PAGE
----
of national unity, an uncrowned king who threatened to eclipse the monarchy.

In this incisive new biography, Paul Addison tells the story of Churchill's life in parallel with the history of his reputation. He seeks to explain why Churchill was transformed into a national hero, and why his heroic status has endured ever since in spite of the attempts of iconoclasts to debunk him. He argues that we are now in a position to reach beyond the mythology - both positive and negative - to see the real Winston Churchill, a warrior-statesman whose qualities were remarkably
consistent through all the vicissitudes of his career. - ;...this volume is ideal as a very short introduction to a very big man. - David Reynolds, The English Historical Review;Addison's book could be read with profit and enjoyment by anyone interested in modern history - The Independent

Editorial Reviews

From Booklist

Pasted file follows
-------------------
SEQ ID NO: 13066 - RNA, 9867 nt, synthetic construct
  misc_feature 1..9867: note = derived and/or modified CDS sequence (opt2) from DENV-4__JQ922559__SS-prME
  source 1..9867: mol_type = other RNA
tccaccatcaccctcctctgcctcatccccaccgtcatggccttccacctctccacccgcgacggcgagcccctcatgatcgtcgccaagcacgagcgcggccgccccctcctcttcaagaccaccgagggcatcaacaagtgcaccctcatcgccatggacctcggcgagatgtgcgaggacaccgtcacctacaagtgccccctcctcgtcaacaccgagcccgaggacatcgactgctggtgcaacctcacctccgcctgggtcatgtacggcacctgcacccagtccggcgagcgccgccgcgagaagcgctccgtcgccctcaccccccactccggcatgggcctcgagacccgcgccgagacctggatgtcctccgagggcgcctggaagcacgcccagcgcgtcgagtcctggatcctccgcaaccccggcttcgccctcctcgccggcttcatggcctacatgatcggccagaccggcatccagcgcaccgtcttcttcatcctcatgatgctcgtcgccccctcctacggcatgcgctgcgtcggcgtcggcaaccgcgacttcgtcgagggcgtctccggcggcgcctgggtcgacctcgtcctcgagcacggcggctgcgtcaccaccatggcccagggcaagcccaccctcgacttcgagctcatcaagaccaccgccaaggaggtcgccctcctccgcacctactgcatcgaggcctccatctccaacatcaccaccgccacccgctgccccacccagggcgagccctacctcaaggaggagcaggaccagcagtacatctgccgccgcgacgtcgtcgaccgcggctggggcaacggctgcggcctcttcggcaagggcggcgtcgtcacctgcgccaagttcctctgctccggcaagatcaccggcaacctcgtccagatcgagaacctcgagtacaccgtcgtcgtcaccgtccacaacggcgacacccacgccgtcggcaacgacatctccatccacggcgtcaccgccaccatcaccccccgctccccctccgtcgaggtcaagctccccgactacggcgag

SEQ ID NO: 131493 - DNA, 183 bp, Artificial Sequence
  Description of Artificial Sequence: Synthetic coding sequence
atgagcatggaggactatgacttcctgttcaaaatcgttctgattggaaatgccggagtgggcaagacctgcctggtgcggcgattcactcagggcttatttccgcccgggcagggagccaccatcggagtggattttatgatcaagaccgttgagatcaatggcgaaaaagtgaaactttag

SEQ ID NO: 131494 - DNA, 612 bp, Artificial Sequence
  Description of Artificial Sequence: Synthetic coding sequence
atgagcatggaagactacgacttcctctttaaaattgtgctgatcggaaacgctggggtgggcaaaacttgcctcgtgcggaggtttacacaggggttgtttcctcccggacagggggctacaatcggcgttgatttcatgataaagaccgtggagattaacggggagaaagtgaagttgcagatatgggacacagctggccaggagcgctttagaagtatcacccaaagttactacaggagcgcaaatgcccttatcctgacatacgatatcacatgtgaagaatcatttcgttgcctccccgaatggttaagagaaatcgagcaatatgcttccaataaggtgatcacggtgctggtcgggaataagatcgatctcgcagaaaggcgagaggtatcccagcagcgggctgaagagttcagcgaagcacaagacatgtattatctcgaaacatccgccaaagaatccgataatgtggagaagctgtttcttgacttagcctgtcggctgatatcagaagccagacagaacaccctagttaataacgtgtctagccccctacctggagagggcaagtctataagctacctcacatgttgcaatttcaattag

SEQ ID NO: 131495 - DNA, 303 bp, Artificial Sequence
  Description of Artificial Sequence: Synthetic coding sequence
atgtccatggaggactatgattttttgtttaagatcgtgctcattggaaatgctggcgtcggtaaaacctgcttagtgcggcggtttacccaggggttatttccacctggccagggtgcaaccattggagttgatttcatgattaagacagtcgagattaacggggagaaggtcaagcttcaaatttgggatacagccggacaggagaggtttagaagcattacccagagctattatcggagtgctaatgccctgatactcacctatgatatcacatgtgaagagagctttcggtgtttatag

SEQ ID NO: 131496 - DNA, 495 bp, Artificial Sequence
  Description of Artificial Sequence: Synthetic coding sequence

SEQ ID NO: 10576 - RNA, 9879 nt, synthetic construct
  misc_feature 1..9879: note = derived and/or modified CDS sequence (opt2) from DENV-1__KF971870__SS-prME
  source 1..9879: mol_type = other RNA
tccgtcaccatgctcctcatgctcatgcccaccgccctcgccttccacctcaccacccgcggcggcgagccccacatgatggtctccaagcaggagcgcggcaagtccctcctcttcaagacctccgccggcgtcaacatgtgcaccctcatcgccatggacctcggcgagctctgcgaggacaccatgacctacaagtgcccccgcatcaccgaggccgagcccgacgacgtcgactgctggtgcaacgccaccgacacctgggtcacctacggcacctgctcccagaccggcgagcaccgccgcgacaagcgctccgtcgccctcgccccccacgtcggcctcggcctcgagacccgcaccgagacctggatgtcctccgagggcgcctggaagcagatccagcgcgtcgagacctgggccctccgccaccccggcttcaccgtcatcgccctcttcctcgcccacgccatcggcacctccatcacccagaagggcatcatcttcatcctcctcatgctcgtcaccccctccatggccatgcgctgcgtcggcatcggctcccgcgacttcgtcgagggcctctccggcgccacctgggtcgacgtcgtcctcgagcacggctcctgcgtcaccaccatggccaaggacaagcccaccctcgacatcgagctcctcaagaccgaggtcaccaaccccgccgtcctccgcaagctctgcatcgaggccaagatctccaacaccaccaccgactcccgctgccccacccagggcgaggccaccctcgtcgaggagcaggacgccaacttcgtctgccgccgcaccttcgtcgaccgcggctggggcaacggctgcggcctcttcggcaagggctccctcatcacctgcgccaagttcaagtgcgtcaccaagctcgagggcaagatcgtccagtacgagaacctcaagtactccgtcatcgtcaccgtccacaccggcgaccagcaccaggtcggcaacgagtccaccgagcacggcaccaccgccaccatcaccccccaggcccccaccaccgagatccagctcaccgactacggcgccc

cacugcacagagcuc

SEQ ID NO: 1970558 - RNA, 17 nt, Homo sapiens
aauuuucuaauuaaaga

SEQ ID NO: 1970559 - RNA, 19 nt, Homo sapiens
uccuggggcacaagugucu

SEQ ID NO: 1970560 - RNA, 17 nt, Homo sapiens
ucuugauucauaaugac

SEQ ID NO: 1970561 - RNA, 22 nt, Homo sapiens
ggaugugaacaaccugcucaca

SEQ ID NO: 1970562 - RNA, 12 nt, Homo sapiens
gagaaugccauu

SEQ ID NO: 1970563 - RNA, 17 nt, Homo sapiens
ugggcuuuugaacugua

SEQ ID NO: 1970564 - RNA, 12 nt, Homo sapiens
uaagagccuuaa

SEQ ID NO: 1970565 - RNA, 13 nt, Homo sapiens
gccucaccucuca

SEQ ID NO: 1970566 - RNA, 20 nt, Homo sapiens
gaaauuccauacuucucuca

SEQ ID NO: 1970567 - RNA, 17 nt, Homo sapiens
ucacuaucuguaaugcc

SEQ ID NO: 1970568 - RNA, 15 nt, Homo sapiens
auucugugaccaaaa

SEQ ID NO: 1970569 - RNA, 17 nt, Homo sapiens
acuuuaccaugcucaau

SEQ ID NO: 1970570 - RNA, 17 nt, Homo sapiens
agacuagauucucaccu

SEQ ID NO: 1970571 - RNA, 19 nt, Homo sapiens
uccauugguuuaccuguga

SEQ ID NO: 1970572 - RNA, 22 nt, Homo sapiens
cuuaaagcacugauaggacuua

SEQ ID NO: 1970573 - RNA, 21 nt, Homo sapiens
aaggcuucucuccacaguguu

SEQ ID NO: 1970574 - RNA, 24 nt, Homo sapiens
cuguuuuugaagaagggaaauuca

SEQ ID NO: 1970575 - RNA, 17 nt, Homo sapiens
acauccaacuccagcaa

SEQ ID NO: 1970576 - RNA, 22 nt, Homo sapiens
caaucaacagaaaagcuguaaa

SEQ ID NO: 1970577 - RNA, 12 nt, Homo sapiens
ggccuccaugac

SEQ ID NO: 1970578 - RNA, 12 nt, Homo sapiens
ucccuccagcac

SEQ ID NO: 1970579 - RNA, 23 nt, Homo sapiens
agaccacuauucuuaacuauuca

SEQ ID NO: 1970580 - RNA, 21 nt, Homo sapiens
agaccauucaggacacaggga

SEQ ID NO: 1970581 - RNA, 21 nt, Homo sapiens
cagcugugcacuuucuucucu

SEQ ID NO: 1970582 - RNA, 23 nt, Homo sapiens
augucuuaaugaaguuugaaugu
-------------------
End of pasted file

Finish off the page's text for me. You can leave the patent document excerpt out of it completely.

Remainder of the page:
To distinguish his Churchill biography from the many others, historian Addison focuses on Churchill's critics. Whether contemporaries or historians, they are numerous and caustic, calling Churchill an opportunist and a warmonger. Against that stands Churchill's leadership in World War II, which inescapably shadows his prior record in British politics. To his account of the pre-WWII career, Addison appends telling insights on Churchill's character traits, prime among them a profoundly juvenile egotism. Brilliantly intuitive though he was, Churchill, impatient and impulsive, took little account of others' feelings; hence, his acquisition of political enemies over time. Narrating the indictments they leveled at him (twice switching parties, the Dardanelles disaster of WWI), Addison paradoxically humanizes Churchill, for he is a far more iconic figure for Americans than for the British. Nevertheless, Addison makes the case for why Churchill should be iconic, disputing a revisionist school that negatively deconstructs Churchill's actions in WWII. Astute in its interpretations, Addison's work makes for swift reading and is a practical alternative to the monuments by William Manchester and Martin Gilbert. Gilbert Taylor